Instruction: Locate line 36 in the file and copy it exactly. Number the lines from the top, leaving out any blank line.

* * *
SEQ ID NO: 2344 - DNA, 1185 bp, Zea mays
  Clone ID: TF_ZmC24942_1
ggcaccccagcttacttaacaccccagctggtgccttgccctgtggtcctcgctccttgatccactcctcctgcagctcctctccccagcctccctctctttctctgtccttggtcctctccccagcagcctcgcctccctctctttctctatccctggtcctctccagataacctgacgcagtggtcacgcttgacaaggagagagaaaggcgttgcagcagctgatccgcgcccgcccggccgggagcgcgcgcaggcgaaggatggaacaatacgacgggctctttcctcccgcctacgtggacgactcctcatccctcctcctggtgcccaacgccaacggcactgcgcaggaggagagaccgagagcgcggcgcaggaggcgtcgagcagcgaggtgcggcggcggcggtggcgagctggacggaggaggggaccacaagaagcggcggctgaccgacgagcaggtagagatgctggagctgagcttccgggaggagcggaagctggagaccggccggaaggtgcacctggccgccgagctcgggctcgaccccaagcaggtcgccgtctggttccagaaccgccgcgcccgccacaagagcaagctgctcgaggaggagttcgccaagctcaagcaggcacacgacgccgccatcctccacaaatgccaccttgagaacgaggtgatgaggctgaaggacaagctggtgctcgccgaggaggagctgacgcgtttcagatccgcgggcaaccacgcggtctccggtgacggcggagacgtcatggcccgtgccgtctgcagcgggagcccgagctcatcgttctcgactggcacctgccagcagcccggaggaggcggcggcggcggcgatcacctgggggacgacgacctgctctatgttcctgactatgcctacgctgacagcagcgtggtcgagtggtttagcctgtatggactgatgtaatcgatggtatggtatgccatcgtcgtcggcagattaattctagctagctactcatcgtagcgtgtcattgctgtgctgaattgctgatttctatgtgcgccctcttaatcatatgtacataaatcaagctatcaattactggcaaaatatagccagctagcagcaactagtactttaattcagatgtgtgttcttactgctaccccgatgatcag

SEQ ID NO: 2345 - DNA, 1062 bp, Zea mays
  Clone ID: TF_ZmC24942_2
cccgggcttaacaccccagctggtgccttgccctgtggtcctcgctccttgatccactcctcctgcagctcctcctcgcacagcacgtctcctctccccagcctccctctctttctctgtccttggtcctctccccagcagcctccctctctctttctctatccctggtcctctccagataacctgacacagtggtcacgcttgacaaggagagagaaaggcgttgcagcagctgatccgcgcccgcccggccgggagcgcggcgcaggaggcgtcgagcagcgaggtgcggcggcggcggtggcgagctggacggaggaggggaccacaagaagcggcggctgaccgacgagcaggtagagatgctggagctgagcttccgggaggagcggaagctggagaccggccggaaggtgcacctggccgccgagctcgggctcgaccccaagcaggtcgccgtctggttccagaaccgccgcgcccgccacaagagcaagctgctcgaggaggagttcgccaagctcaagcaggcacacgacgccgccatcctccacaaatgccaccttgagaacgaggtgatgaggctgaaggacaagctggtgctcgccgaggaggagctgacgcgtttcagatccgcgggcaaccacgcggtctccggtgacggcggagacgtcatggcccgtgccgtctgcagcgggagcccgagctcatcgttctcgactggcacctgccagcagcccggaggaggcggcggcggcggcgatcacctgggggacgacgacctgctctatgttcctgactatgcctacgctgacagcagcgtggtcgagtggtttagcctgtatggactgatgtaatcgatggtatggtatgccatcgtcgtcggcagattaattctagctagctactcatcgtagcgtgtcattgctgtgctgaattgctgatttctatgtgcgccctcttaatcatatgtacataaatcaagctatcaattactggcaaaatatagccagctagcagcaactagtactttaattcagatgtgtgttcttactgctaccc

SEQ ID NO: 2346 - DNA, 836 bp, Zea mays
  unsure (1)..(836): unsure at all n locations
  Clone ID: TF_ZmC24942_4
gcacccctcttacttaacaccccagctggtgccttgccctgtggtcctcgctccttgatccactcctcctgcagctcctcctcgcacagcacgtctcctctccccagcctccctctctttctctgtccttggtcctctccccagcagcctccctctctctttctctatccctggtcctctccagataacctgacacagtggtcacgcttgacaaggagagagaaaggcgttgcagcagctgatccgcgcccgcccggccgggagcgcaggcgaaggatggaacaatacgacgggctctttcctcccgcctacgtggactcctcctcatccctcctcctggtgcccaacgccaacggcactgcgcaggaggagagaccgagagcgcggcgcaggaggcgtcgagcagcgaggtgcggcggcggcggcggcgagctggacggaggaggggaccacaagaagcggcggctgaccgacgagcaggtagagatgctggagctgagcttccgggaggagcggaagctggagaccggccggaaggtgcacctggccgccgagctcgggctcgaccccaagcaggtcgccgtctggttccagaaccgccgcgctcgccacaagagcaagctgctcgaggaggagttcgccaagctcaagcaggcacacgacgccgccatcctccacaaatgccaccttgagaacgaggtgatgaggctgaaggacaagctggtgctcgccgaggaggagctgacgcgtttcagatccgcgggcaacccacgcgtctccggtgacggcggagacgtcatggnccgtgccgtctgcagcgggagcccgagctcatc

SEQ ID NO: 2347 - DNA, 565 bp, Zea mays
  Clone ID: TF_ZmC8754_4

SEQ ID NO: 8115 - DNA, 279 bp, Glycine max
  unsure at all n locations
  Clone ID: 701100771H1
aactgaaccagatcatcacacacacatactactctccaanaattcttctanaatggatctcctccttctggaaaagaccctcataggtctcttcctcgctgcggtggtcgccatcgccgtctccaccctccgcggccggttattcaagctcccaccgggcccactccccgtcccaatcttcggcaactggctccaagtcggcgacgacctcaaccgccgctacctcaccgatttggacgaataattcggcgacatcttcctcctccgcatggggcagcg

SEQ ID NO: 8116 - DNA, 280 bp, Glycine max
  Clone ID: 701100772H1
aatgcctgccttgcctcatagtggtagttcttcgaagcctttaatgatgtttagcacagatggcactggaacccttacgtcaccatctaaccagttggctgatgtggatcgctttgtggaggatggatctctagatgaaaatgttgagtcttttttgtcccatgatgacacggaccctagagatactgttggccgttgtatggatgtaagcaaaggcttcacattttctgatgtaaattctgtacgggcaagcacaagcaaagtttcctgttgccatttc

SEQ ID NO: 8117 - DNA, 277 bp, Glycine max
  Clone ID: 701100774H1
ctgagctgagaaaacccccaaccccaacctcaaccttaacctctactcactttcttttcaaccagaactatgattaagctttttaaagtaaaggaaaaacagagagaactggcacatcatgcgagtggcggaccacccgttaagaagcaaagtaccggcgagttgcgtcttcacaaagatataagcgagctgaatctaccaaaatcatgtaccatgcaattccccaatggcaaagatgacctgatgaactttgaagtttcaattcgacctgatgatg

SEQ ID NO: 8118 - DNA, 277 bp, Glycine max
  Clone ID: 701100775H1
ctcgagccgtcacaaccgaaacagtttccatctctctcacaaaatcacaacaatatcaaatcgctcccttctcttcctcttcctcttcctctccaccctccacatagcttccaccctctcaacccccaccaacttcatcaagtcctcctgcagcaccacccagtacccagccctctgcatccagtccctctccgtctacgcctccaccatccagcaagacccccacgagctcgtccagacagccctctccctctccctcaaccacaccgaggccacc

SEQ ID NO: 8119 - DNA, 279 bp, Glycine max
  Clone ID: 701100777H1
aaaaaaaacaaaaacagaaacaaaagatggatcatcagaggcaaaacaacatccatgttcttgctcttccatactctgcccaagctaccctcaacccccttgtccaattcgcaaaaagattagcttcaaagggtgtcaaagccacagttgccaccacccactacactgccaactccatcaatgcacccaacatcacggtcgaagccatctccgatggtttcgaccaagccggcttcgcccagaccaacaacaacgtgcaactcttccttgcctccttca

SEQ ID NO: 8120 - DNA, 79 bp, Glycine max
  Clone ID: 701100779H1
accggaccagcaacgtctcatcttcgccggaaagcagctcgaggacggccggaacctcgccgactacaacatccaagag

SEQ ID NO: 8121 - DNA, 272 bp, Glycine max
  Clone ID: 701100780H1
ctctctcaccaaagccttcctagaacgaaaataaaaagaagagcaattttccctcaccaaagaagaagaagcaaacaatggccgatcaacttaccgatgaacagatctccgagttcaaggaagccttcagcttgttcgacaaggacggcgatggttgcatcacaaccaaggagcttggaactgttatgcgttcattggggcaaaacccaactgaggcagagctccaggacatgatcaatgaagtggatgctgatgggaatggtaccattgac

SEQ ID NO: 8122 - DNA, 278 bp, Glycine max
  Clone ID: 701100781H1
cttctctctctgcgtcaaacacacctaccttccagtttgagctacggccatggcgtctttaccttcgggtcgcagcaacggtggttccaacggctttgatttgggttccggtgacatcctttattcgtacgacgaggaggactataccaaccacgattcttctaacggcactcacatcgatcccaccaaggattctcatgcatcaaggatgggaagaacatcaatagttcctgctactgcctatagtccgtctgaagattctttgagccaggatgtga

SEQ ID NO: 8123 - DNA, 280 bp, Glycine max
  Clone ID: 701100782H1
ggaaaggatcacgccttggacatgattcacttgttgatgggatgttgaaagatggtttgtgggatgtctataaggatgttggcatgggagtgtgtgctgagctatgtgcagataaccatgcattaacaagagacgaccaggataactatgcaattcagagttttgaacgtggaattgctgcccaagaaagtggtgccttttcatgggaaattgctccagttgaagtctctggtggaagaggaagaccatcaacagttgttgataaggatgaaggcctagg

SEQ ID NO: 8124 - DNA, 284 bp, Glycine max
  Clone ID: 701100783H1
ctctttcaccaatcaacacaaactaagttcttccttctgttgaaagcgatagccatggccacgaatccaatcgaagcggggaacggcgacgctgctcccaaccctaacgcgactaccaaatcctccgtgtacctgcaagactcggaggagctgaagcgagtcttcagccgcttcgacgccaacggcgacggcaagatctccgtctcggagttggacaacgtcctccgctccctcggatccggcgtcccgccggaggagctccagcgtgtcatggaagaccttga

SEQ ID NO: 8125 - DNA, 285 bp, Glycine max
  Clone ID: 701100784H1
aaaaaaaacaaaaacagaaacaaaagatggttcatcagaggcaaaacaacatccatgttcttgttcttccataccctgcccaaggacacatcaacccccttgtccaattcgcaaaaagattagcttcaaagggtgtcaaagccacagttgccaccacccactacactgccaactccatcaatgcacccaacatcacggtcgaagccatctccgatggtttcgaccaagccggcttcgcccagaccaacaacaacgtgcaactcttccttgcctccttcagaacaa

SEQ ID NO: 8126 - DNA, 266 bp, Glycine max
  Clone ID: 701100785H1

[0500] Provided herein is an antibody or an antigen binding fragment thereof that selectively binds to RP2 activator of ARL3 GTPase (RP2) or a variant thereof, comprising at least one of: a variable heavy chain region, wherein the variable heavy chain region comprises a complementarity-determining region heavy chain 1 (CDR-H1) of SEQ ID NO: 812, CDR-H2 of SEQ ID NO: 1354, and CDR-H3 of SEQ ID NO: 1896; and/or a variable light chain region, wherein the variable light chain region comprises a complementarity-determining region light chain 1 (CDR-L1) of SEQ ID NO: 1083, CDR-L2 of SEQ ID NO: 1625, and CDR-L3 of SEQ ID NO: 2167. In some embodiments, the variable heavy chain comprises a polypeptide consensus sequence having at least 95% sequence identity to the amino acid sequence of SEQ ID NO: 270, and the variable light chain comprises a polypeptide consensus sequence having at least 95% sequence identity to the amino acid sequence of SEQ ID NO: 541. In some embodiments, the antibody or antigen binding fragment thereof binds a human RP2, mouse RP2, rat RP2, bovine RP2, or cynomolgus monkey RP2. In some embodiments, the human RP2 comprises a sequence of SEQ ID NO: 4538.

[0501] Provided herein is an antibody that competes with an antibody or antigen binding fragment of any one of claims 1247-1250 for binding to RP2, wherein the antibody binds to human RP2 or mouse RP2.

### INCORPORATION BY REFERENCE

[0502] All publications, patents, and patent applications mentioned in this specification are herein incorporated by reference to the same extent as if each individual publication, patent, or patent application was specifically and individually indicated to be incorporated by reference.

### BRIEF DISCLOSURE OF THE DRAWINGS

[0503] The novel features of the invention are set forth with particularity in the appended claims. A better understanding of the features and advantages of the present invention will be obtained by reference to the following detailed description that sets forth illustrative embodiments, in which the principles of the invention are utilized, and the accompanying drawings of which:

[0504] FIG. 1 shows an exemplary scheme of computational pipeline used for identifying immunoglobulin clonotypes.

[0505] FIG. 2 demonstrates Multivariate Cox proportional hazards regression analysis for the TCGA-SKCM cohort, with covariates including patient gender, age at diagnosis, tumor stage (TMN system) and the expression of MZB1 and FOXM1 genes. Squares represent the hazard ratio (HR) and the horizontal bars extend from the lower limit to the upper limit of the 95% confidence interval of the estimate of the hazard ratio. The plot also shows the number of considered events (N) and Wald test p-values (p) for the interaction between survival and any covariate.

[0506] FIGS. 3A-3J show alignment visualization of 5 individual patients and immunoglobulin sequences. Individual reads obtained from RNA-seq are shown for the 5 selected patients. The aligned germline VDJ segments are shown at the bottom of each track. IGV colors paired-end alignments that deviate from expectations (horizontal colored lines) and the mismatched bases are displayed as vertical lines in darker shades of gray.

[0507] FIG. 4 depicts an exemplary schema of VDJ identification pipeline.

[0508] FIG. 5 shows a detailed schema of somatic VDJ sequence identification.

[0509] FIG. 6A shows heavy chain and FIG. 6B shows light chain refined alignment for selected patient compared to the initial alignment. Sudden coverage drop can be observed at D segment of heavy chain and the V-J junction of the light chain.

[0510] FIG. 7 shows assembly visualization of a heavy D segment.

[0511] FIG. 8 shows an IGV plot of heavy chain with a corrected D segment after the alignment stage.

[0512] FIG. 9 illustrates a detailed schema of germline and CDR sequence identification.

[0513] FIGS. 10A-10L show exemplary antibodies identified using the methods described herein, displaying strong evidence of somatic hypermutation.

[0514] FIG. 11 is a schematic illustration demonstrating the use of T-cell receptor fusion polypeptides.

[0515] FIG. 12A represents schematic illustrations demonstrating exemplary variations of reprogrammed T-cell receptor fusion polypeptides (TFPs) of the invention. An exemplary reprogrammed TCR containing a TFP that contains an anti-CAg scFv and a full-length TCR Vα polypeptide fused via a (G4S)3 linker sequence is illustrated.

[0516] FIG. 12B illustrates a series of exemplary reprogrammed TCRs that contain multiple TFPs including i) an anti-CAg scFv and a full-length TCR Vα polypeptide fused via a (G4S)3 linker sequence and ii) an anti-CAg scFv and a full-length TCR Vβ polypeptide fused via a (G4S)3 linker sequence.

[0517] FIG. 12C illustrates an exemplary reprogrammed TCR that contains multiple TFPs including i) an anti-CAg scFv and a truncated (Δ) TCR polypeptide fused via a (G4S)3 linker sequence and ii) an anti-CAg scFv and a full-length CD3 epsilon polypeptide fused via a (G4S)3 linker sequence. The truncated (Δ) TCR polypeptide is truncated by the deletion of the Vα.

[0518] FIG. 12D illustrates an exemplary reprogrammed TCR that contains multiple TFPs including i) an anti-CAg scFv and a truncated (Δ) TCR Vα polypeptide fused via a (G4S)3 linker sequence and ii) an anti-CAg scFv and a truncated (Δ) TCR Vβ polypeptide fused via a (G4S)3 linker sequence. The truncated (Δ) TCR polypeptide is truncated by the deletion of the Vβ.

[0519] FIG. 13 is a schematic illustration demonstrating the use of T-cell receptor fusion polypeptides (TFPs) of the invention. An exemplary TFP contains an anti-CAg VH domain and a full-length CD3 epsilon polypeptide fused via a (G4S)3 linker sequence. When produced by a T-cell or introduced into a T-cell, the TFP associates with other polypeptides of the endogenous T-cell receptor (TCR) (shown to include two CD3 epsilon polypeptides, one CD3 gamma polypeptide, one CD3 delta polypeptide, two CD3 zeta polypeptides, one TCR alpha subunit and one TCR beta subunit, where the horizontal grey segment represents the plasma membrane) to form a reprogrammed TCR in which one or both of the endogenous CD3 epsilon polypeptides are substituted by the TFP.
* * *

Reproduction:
  Clone ID: 701100781H1